The three-day 'Kala Samprekshana' conference of lectures and demonstrations (Dec.22 - 24) hosted by Kalakshetra on its campus for a first-time visitor or occasional rasika would have been a welcome diversion from the hectic sabha-hopping evening schedules to attend concerts in the city.
In the chaos of roaring traffic, busy shoppers and hurrying office-goers of the Esplanade zone of north Chennai, the art deco-styled Rajah Annamalai Manran auditorium stands up, holding up to those who have time to stop and stare, a Madras of the 1950s.
You cannot but realise that a wedding hall has been converted into a concerts space when you step into Ethiraja Kalyana Mantapam on TTK Road in Alwarpet in the city. But then Indian Fine Arts Society (IFAS) does not have an auditorium of its own and the hall in Alwarpet is its best option.
There is a tradition that only one Chennai sabha maintains year after year when it launches its annual festival of music and dance. The unfurling of its flag on a mast inside the sabha campus in Mylapore.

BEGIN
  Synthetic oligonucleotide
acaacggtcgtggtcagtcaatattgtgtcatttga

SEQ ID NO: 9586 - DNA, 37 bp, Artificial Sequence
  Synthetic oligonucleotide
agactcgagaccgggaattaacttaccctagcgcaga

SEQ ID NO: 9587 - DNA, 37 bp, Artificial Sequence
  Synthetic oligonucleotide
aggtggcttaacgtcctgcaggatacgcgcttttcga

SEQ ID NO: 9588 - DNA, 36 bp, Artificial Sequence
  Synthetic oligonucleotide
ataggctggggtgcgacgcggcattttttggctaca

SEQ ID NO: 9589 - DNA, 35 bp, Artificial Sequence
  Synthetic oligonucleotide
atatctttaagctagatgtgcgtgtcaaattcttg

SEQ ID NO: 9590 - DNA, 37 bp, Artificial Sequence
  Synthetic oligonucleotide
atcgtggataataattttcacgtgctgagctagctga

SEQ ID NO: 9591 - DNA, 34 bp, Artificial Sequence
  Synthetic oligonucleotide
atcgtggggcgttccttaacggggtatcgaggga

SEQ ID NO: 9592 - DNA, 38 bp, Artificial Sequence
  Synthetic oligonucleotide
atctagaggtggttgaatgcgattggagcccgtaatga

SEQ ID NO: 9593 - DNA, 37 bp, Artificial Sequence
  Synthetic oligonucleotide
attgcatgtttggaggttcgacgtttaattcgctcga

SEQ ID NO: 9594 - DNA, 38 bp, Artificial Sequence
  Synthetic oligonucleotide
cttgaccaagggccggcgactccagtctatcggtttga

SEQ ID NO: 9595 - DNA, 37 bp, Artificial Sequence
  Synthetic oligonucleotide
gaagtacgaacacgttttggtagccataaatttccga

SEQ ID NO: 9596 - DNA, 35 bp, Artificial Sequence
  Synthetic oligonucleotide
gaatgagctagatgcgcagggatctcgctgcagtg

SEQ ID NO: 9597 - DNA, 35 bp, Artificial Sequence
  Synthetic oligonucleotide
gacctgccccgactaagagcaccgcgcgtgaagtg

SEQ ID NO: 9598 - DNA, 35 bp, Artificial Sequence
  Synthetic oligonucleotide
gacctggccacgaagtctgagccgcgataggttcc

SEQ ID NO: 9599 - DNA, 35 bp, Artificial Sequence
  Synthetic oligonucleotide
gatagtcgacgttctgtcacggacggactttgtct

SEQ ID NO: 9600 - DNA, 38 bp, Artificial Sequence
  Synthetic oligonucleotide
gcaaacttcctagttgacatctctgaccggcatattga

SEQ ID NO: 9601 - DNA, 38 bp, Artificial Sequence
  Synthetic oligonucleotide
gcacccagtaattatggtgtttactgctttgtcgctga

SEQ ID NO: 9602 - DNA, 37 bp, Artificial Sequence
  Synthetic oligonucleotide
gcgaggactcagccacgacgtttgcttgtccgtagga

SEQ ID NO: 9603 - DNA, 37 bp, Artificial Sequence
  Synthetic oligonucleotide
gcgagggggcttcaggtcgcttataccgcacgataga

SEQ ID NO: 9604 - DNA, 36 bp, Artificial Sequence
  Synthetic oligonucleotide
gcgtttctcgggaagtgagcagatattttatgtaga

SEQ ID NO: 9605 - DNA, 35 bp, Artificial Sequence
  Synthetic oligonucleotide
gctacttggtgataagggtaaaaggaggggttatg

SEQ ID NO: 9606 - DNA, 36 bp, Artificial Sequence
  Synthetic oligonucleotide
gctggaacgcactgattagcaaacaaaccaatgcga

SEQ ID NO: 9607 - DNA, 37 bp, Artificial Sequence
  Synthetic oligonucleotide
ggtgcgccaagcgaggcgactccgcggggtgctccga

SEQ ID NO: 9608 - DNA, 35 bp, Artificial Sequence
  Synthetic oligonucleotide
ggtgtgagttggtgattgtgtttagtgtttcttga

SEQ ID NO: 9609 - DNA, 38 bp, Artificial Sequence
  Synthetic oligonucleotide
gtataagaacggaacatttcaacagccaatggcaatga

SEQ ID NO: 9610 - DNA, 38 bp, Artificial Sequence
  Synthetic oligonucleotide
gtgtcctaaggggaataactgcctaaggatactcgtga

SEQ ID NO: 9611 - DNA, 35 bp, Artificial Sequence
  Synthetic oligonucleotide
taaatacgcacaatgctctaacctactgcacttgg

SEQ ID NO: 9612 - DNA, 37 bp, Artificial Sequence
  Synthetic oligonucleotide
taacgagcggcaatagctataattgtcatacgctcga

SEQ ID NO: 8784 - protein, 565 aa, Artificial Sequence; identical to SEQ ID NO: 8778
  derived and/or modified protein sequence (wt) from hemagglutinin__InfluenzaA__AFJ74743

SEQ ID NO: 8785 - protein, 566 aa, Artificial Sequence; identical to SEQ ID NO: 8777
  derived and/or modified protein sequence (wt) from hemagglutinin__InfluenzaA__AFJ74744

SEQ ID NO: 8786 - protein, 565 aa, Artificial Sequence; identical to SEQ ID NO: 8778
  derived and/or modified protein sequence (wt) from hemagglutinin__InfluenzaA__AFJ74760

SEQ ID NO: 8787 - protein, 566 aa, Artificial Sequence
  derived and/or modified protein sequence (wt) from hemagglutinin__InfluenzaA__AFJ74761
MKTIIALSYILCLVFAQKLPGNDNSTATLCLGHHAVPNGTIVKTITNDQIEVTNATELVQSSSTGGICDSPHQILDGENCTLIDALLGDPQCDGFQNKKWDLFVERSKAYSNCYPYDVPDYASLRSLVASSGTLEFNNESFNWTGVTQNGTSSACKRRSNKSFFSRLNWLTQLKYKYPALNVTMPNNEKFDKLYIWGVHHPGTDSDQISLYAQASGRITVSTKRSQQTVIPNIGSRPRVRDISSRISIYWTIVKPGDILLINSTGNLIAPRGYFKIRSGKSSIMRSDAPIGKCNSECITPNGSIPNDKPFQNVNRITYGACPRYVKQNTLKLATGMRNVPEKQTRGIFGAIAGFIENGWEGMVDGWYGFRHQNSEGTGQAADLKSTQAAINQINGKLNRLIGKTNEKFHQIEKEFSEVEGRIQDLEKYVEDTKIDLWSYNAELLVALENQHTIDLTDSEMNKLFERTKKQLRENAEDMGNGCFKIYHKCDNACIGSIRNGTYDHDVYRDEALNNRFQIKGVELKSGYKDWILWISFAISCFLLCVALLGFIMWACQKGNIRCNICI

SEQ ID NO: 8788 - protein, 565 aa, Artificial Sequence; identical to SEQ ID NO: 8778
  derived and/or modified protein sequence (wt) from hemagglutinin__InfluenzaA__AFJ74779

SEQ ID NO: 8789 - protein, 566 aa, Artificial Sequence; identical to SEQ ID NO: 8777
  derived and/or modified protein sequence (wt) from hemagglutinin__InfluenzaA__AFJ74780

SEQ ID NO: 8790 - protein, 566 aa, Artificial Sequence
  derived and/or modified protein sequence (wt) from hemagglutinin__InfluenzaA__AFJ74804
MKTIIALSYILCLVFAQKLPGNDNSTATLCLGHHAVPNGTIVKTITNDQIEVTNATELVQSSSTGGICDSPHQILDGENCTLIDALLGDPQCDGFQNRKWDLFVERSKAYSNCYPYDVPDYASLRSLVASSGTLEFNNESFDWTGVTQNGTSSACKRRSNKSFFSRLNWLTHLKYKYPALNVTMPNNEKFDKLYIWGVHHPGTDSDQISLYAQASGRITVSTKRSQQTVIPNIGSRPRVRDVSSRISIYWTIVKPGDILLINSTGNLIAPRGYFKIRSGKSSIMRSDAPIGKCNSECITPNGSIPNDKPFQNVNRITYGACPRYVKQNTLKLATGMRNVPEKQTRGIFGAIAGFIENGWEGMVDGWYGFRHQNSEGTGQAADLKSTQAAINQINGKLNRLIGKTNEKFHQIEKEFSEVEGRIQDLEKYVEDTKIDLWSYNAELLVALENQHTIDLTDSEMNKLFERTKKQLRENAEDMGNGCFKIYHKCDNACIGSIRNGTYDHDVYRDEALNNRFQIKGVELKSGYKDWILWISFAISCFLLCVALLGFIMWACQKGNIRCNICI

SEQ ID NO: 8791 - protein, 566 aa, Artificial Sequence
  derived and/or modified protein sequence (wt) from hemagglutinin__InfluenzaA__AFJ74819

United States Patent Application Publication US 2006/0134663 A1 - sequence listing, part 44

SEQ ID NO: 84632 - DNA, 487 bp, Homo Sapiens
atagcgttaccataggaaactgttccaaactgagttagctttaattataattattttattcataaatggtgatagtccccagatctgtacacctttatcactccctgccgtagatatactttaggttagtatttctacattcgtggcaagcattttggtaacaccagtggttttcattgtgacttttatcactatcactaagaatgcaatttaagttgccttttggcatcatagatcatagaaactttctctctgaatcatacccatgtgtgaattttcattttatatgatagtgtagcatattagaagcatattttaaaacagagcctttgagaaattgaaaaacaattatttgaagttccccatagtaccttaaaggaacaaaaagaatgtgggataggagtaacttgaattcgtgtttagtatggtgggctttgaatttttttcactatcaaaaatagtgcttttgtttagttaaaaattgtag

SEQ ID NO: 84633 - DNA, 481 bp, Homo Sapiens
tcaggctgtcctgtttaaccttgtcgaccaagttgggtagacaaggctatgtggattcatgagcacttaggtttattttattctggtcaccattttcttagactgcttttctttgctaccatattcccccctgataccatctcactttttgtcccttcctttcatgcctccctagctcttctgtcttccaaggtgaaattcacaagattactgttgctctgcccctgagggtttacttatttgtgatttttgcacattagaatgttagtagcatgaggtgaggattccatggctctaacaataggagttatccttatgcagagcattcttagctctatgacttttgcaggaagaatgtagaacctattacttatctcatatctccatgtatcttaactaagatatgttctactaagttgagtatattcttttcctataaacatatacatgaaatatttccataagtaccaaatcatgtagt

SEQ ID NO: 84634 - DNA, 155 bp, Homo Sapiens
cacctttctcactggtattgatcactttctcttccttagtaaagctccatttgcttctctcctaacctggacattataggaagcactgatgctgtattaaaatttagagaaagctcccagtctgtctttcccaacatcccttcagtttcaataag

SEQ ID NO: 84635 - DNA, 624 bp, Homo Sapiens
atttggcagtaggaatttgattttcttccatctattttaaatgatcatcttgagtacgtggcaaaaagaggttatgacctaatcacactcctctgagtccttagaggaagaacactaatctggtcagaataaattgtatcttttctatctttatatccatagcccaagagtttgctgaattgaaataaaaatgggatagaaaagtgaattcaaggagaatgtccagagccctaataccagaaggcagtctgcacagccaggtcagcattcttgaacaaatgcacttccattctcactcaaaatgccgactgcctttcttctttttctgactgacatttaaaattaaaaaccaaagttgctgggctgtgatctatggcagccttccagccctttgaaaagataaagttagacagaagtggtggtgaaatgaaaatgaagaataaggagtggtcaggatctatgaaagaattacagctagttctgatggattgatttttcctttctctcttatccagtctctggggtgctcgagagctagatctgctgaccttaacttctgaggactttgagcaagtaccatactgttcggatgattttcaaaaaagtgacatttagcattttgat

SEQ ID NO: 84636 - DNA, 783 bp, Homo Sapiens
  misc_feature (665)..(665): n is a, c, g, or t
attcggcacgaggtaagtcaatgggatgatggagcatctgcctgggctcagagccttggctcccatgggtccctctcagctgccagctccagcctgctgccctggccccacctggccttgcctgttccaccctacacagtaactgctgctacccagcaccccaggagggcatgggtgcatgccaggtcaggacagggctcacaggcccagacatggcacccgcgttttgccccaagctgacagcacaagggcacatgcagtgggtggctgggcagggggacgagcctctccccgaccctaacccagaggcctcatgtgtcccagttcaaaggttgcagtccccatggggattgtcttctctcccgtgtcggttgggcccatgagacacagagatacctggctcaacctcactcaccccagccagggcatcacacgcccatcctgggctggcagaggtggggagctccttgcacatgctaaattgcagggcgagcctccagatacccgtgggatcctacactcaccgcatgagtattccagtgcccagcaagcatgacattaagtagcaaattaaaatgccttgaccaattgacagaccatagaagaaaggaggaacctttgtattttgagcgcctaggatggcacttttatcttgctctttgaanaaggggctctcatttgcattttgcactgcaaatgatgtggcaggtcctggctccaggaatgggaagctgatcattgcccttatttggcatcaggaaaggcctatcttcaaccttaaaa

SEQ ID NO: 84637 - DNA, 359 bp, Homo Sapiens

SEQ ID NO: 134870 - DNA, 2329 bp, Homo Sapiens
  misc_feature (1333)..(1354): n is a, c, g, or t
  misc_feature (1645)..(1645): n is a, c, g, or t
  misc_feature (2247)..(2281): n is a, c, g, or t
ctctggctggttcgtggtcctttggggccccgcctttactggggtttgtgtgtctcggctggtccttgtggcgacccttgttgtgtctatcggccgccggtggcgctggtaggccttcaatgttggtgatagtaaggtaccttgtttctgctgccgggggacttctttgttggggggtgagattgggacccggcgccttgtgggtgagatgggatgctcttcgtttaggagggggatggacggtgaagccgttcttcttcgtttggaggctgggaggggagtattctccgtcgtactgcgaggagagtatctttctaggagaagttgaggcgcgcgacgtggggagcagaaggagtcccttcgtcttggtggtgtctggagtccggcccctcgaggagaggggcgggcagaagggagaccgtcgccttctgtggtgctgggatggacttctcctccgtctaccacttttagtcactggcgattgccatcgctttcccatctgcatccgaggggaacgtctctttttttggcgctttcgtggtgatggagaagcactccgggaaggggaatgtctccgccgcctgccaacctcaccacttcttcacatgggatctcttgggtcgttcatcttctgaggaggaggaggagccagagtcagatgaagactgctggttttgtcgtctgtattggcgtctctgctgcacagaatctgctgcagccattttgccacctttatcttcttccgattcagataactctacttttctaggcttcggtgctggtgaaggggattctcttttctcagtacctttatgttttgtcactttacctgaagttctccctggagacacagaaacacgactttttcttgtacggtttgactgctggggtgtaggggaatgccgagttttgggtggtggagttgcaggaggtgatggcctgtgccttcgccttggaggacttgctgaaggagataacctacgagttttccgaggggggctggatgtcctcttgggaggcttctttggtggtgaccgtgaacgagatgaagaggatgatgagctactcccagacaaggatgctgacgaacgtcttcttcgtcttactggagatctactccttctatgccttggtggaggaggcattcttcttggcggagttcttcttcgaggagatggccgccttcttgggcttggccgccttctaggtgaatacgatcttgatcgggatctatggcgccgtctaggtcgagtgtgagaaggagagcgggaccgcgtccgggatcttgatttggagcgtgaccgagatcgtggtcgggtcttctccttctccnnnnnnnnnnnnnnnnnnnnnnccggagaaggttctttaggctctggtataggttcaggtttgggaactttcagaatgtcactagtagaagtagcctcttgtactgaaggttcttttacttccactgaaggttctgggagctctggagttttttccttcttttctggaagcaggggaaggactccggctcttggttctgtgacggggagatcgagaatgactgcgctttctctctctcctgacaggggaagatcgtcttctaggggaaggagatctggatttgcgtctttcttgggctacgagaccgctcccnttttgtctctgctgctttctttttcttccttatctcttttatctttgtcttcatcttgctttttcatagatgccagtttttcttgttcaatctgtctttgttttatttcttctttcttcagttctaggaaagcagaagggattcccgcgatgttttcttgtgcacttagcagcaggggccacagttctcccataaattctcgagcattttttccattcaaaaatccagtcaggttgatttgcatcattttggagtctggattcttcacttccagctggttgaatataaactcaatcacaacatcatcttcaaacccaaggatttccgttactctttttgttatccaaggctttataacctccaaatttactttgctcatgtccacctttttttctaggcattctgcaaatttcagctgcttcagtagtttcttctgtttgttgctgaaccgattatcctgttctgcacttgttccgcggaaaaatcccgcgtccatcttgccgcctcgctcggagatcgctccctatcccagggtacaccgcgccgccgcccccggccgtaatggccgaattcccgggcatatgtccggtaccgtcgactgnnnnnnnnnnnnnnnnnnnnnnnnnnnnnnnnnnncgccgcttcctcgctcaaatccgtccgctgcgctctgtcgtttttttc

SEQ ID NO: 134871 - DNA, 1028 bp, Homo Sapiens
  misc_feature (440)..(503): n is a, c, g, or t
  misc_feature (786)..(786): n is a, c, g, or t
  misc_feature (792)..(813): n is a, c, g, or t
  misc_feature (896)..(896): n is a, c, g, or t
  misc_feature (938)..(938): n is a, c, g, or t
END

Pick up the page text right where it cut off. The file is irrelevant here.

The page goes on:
You have to battle T. Nagar's traffic to get to the auditorium inside a school campus where Mudhra's festival of music, dance and drama is held every year. It had rained that day and life became a tad difficult in trying to negotiate battered roads.
It was a time to remember a man who had devoted many, many years to the fortunes of what was once Nungambakkam Cultural Academy and now called Chennai Cultural Academy, which provided classical music and dance concerts to the rasikas of the T. Nagar neighbourhood of Chennai.